Make us your home page
Instagram

Today’s top headlines delivered to you daily.

(View our Privacy Policy)

Tampa Bay area residents restricted to once-a-week watering due to drought

As expected, the continuing drought prompted state water officials Thursday to limit lawn watering in Pinellas, Pasco and Hillsborough counties to one day a week.

The last number of street addresses determines which day to water on the new schedule, which takes effect immediately. The rules say watering should be done before 8 a.m. or after 6 p.m. to avoid evaporation.

Under the restrictions, fountains can operate only four hours a day. Car washing is limited to once a week, although fundraiser and commercial carwashes are exempt. Restaurants can serve water only upon a customer's request.

Previously the Southwest Florida Water Management District had allowed two-day-a-week watering in the Tampa Bay region. But last month the agency's board — commonly known as Swiftmud — imposed once-a-week watering restrictions on Hernando and Citrus counties and other areas north of Tampa. It also gave its executive director the power to impose the same restrictions on the more southern Tampa Bay counties.

On Thursday, Blake Guillory did just that, extending the limits to Pinellas, Pasco and Hillsborough counties. Those restrictions are set to last through July 31.

"This year's hotter and drier than normal conditions following last year's below-average rainfall have caused critically low river flows and declining groundwater levels throughout the district," said Lois Sorensen, who manages Swiftmud's demand management program.

The once-a-week restrictions do not apply to homes using reclaimed water for sprinkling their lawns, said Swiftmud spokeswoman Robyn Felix.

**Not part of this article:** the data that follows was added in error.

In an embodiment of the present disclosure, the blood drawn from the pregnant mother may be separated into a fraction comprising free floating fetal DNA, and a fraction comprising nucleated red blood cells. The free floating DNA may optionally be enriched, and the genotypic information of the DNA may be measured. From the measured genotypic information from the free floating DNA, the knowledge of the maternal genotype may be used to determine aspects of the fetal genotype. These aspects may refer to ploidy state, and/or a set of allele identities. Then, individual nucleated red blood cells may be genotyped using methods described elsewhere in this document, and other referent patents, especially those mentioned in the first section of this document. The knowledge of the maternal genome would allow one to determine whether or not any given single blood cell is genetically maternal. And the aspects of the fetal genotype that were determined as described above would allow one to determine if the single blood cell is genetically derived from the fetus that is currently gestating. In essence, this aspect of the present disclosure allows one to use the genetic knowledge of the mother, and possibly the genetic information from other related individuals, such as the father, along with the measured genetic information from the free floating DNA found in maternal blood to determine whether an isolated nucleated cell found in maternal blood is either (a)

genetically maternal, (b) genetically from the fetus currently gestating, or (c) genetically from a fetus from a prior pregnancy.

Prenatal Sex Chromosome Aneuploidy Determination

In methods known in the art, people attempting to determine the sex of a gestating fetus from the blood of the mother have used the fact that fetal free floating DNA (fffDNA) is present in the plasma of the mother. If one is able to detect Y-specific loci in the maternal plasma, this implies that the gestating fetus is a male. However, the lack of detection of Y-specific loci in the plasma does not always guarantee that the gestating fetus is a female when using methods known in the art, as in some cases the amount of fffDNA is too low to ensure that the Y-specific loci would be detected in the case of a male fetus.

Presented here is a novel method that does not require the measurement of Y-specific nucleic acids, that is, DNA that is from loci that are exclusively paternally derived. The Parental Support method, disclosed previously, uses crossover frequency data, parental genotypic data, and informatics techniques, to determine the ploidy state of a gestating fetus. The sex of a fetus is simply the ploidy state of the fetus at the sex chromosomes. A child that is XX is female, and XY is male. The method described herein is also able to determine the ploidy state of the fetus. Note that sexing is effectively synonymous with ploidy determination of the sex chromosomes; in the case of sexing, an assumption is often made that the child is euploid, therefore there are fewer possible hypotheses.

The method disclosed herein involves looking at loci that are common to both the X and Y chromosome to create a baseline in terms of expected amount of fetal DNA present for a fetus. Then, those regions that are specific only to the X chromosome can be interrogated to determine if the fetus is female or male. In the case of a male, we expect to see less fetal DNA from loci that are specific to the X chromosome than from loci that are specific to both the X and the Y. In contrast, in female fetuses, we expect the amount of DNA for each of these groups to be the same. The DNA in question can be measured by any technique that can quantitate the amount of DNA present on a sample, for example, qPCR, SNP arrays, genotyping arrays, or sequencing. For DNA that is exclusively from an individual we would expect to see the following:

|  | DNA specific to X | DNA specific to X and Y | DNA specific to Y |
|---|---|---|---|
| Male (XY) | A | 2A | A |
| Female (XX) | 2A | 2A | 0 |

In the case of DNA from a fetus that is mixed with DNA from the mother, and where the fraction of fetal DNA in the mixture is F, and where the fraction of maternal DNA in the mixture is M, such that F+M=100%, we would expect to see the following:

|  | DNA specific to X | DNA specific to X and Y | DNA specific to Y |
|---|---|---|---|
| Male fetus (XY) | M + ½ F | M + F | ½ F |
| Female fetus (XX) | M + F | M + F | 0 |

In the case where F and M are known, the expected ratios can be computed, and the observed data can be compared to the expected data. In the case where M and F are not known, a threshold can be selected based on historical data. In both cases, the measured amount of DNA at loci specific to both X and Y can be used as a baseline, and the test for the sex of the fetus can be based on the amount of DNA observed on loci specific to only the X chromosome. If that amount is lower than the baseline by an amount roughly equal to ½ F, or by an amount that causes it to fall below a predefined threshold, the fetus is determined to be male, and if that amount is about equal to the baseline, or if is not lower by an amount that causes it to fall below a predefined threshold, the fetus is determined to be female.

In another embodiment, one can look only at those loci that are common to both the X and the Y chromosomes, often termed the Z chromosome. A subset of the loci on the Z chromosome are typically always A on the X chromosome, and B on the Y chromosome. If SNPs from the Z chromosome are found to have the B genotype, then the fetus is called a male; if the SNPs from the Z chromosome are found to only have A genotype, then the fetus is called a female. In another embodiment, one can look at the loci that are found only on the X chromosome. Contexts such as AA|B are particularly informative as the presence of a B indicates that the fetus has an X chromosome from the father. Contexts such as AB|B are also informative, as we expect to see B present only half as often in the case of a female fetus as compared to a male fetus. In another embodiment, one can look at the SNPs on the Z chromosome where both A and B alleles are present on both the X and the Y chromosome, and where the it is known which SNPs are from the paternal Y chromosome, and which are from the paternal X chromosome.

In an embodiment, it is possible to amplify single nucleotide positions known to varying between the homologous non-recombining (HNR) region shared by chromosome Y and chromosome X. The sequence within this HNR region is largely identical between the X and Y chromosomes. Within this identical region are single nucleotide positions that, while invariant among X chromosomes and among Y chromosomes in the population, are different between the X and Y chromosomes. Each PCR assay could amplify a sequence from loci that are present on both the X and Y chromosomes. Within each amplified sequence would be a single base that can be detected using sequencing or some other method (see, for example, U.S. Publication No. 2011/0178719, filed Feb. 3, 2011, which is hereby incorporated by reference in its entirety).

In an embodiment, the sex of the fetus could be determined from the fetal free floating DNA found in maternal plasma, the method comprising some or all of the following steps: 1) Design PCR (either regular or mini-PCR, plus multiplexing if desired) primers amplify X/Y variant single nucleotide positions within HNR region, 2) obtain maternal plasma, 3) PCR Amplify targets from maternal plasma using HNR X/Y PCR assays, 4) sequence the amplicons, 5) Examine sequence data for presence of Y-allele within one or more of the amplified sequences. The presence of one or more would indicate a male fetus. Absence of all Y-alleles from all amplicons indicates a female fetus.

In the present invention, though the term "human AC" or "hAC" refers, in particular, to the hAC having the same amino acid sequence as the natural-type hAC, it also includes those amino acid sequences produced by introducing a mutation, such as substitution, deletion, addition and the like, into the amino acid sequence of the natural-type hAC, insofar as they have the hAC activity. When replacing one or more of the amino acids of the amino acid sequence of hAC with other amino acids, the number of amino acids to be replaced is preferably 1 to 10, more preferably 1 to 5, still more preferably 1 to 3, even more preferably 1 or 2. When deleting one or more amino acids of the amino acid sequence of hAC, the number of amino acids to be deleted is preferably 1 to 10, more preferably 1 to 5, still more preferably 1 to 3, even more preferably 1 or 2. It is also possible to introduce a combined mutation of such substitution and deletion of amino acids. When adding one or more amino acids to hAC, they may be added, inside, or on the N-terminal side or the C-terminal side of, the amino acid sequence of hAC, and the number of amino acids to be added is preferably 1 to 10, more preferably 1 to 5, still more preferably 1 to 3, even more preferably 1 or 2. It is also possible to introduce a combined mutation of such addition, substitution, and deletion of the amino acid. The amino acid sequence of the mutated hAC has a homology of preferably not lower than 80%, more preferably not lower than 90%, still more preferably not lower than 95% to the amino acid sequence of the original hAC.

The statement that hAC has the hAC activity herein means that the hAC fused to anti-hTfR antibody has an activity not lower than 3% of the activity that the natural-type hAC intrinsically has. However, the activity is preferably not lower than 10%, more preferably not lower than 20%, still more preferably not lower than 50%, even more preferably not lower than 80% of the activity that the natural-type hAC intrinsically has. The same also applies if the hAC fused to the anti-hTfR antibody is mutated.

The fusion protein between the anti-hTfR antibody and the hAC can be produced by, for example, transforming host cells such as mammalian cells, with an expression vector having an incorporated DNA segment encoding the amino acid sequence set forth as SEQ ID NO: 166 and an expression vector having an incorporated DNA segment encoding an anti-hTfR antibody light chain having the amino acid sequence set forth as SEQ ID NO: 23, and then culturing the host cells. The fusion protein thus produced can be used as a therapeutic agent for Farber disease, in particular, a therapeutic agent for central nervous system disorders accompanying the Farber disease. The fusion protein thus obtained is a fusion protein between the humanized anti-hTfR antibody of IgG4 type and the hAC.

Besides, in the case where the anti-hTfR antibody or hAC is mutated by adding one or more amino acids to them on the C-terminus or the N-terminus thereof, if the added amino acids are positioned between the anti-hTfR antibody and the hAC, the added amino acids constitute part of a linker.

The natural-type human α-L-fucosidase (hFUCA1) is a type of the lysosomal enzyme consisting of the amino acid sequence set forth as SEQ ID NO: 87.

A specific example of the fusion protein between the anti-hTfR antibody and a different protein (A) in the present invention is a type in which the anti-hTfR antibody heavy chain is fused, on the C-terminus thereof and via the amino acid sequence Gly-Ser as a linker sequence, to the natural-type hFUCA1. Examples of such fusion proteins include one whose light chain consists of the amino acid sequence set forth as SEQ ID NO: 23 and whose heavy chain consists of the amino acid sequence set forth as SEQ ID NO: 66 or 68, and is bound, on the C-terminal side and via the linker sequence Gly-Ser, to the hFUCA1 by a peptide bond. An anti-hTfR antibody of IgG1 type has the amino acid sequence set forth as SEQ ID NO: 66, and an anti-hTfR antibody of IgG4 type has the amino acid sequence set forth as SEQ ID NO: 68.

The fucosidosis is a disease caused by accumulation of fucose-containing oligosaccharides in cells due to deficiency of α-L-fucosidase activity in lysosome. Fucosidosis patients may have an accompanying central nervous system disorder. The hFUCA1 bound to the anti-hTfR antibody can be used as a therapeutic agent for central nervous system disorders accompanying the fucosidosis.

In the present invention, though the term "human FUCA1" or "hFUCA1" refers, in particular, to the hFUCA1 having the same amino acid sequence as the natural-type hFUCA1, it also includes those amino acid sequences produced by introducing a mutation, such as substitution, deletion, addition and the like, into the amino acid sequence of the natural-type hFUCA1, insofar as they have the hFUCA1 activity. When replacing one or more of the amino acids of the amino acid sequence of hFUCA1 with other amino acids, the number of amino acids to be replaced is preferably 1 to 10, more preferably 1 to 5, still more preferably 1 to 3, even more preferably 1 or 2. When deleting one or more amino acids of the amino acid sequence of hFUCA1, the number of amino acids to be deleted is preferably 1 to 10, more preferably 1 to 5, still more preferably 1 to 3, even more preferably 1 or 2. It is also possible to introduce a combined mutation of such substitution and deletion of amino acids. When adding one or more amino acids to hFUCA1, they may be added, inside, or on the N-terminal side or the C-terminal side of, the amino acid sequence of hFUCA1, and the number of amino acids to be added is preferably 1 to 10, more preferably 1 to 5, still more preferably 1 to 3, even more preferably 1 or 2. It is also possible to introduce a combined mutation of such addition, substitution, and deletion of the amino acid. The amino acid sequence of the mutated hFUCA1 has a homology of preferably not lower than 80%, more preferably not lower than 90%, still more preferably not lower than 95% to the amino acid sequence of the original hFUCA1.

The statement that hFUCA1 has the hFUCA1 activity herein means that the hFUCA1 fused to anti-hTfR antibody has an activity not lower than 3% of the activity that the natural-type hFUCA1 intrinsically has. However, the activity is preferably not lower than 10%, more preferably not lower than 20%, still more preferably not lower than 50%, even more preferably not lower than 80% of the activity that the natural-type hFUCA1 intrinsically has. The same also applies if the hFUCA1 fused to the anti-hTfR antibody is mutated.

In the 16 counties covered by Swiftmud, this was the 11th driest winter since records started in 1915, and spring has been no better. Since the dry season started in October, 11.7 inches of rain were recorded across those 16 counties, far below the normal average of 18 inches.

However, weather experts say once June arrives — and the start of the hurricane season — rains may return.

The last time the Tampa Bay area had to switch to once-a-week watering, the restrictions lasted from January 2007 to June 2010.

>>FAST FACTS

When to water

Once-a-week watering is tied to your address.

>> Monday: Addresses

ending in 0 or 1

>> Tuesday: ending in 2 or 3

>> Wednesday: ending

in 4 or 5

>> Thursday: ending in 6 or 7

>> Friday: ending in 8 or 9

For more information, visit swfwmd.state.fl.us.

Tampa Bay area residents restricted to once-a-week watering due to drought 05/10/12 [Last modified: Thursday, May 10, 2012 9:14pm]
Photo reprints | Article reprints

© 2017 Tampa Bay Times

    

Join the discussion: Click to view comments, add yours

Loading...
  1. Amid FBI probe of Tallahassee, Gillum says GOP trying to 'put as much dirt on me as they can'

    Blogs

    Tallahassee mayor and candidate for governor Andrew Gillum might like his supporters to think a federal investigation into development deals in his city is political – but …

    Andrew Gillum
  2. Tampa pedestrian struck, killed near Temple Terrace

    Accidents

    A Tampa woman was killed Saturday night after she was hit by a car while walking near Temple Terrace.

  3. Snell to rejoin rotation Wednesday

    Blogs

     

  4. Illegal sign patrol on a mission to clean up Hillsborough streets

    Human Interest

    BRANDON --Jim Reed, rifling through the back of his Nissan Pathfinder, picks out a sign.

     Citizen volunteers, Reed and Bill Staley take down illegal roadside signs for county code enforcement.  CHARLIE KAIJO   |   Times
  5. Video: Crowd catches teen falling from Six Flags ride

    Nation

    QUEENSBURY, N.Y. — A teenager fell about 25 feet (about 8 meters) from a stopped gondola ride at an upstate New York amusement park Saturday night, tumbling into a crowd of park guests and employees gathered below to catch her before she hit the ground.

    A teenager fell from a stopped gondola ride at Six Flags in upstate New York. [FACEBOOK VIA LOREN LENT]